7. Tuszynski MH, Yang JH, Barba D, U HS, Bakay R, Pay MM, Masliah E, Conner JM, Kobalka P, Roy S, Nagahara AH. Neuronal responses to nerve growth factor gene therapy in Alzheimer’s disease. JAMA Neurology, 2015; 72:1139-1147.
8. Biane J, Scanziani M, Tuszynski MH, Conner JM. Motor cortex maturation is associated with reductions in recurrent connectivity among functional subpopulations and increases in intrinsic excitability. J Neurosci, 2015; 35: 4719-4728.
9. Ramanathan DS, Conner JM, Anilkumar AA, Tuszynski MH. Cholinergic systems are essential for late-stage maturation and refinement of motor cortical circuits. J Neurophysiol, 2015, 113:1585-1597.
10. Biane J, Conner JM, Tuszynski MH. Nerve growth factor is primarily produced by GABAergic neurons of the adult rat cortex. Front Cell Neurosci, 2014; 8:220.
11. Nagahara AH, Mateling M, Wang L, Eggert S, Rockenstein E, Imracs I, Koo EH, Masliah E, Tuszynski MH. Early BDNF treatment ameliorates cell loss in the entorhinal cortex of APP transgenic mice. J Neurosci, 2013; 33:15596-602
12. Wang L, Conner JM, Rickert JL, Tuszynski MH. Structural plasticity within highly specific neuronal populations identifies a parcellation of motor learning. Proc Nat Acad Sci, 2011, 108:2545-2550. PMCID: PMC3038698.
13. Conner JM, Kulczycki M, Tuszynski MH. Unique contributions of distinct cholinergic projections to motor cortical plasticity and learning. Cerebral Cortex, 2010, 20:2739-2748.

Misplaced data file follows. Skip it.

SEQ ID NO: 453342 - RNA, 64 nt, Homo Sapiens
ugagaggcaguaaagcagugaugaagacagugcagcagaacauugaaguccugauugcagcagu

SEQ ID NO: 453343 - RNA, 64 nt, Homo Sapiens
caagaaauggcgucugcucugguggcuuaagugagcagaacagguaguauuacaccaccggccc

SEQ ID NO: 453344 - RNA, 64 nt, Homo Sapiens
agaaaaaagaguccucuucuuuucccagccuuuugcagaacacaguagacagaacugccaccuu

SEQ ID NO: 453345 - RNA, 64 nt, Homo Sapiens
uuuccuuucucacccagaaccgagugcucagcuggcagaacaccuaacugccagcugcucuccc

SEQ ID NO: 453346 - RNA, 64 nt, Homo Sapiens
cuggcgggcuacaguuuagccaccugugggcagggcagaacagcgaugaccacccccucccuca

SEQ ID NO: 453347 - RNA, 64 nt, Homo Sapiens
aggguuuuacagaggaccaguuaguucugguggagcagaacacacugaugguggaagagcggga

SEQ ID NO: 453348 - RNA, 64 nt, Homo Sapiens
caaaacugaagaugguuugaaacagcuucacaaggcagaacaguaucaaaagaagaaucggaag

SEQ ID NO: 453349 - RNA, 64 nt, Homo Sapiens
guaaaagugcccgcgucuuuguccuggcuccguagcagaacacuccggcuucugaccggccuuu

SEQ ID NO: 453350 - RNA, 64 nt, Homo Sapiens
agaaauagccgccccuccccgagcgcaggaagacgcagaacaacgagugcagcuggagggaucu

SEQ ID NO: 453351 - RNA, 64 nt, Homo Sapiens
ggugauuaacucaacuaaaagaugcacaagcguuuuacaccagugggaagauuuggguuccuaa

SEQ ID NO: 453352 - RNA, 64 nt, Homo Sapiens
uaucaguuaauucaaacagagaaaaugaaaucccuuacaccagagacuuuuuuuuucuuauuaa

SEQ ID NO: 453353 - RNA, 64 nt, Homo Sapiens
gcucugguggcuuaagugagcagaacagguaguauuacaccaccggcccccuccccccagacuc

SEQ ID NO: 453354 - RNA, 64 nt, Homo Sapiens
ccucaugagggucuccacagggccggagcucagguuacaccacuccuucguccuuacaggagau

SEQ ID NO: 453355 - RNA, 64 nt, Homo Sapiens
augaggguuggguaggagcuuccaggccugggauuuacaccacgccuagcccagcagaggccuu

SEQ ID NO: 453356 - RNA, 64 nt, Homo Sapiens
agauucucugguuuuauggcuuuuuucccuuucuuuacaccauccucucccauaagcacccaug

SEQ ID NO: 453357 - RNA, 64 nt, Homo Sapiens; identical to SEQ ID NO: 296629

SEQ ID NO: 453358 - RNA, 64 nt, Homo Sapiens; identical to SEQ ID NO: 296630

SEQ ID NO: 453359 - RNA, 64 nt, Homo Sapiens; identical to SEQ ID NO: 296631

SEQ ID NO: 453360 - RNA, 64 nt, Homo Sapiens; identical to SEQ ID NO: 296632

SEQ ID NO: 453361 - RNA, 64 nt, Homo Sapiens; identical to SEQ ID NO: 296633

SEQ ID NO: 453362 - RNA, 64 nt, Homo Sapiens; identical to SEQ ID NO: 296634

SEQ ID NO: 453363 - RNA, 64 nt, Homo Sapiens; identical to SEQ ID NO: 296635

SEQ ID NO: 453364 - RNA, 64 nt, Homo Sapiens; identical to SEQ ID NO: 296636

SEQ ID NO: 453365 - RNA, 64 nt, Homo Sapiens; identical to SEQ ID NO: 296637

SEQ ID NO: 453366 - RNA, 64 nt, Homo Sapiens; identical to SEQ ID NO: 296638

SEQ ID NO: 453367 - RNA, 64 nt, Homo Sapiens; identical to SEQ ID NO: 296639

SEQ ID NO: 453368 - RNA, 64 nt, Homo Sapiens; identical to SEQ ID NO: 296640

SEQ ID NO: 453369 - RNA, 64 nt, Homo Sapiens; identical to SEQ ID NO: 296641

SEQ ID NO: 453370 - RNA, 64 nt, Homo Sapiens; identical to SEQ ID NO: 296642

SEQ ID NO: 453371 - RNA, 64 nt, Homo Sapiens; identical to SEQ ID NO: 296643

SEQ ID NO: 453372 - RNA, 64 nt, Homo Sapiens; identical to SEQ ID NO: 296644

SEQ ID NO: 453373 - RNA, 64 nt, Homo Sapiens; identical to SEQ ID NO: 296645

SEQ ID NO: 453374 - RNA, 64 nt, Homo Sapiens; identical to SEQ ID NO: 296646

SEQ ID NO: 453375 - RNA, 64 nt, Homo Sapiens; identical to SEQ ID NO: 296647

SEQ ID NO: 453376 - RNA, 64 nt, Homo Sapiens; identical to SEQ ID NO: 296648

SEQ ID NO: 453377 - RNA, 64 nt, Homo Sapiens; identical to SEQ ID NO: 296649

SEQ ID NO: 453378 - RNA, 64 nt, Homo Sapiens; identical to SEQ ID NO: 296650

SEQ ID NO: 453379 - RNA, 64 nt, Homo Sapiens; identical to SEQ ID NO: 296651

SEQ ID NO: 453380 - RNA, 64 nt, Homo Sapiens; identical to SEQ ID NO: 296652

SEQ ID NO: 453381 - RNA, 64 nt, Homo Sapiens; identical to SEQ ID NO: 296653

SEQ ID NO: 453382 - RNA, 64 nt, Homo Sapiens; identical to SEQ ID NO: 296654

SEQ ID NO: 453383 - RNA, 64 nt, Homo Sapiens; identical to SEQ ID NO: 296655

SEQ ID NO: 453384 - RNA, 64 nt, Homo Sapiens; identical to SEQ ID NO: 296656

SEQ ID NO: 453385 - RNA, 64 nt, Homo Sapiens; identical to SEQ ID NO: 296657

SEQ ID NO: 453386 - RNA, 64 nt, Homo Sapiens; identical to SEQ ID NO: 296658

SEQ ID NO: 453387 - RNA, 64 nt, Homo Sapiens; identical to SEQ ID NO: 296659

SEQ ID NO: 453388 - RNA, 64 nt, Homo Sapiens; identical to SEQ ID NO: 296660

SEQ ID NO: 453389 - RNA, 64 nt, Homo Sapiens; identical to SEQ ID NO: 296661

14. Nagahara A, Merrill DA, Coppola G, Tsukada S, Schroder BE, Shaked GM, Wang L, Blesch A, Kim A, Conner JC, Rockenstein E, Chao MV, Koo E, Geschwind D, Masliah, Chiba AA, Tuszynski MH. Neuroprotective effects of BDNF in rodent and primate models of Alzheimer’s disease. Nature Med, 2009, 15:331-337. PMCID: PMC2838375.
15. Ramanathan D, Tuszynski MH, Conner JM. The basal forebrain cholinergic system is required specifically for behaviorally-mediated cortical map plasticity. J Neurosci, 2009, 29:5992-6000.
16. Nagahara A, Merrill DA, Coppola G, Tsukada S, Schroder BE, Shaked GM, Wang L, Blesch A, Kim A, Conner JC, Rockenstein E, Chao MV, Koo E, Geschwind D, Masliah, Chiba AA, Tuszynski MH. Neuroprotective effects of BDNF in rodent and primate models of Alzheimer’s disease. Nature Medicine, 2009, 15:31-337.
17. Conner JM, Franks KM, Titterness AK, Russell K, Merrill DA, Christie BR, Sejnowski TJ, Tuszynski MH. NGF is essential for hippocampal plasticity and learning. J Neurosci, 2009, 29:10883-10889.
18. Ramanathan D, Conner JM, Tuszynski MH. A form of motor cortical plasticity that correlates with recovery of function after brain injury. Proc Natl Acad Sci, 2006; 103 30:11370-11375.
19. Conner JM, Chiba AA, Tuszynski MH. The basal forebrain cholinergic system is essential for cortical plasticity and functional recovery following brain injury. Neuron, 2005, 46:173-9.
20. Tuszynski MH et al. A phase I clinical trial of nerve growth factor gene therapy for Alzheimer’s disease. Nature Med, 2005, 11:551-5.
21. Conner JM, Culberson A, Packowski C, Chiba A, Tuszynski MH. Lesions of the basal forebrain cholinergic system impair task acquisition and abolish cortical plasticity associated with motor skill learning. Neuron, 2003, 38:819-829.
22. Conner JM, Darracq MA, Roberts J, Tuszynski MH. Non-tropic actions of neurotrophins: Subcortical NGF gene delivery reverses age-related degeneration of primate cortical cholinergic innervation. Proc Nat Acad Sci, 2001; 98:1941-1946.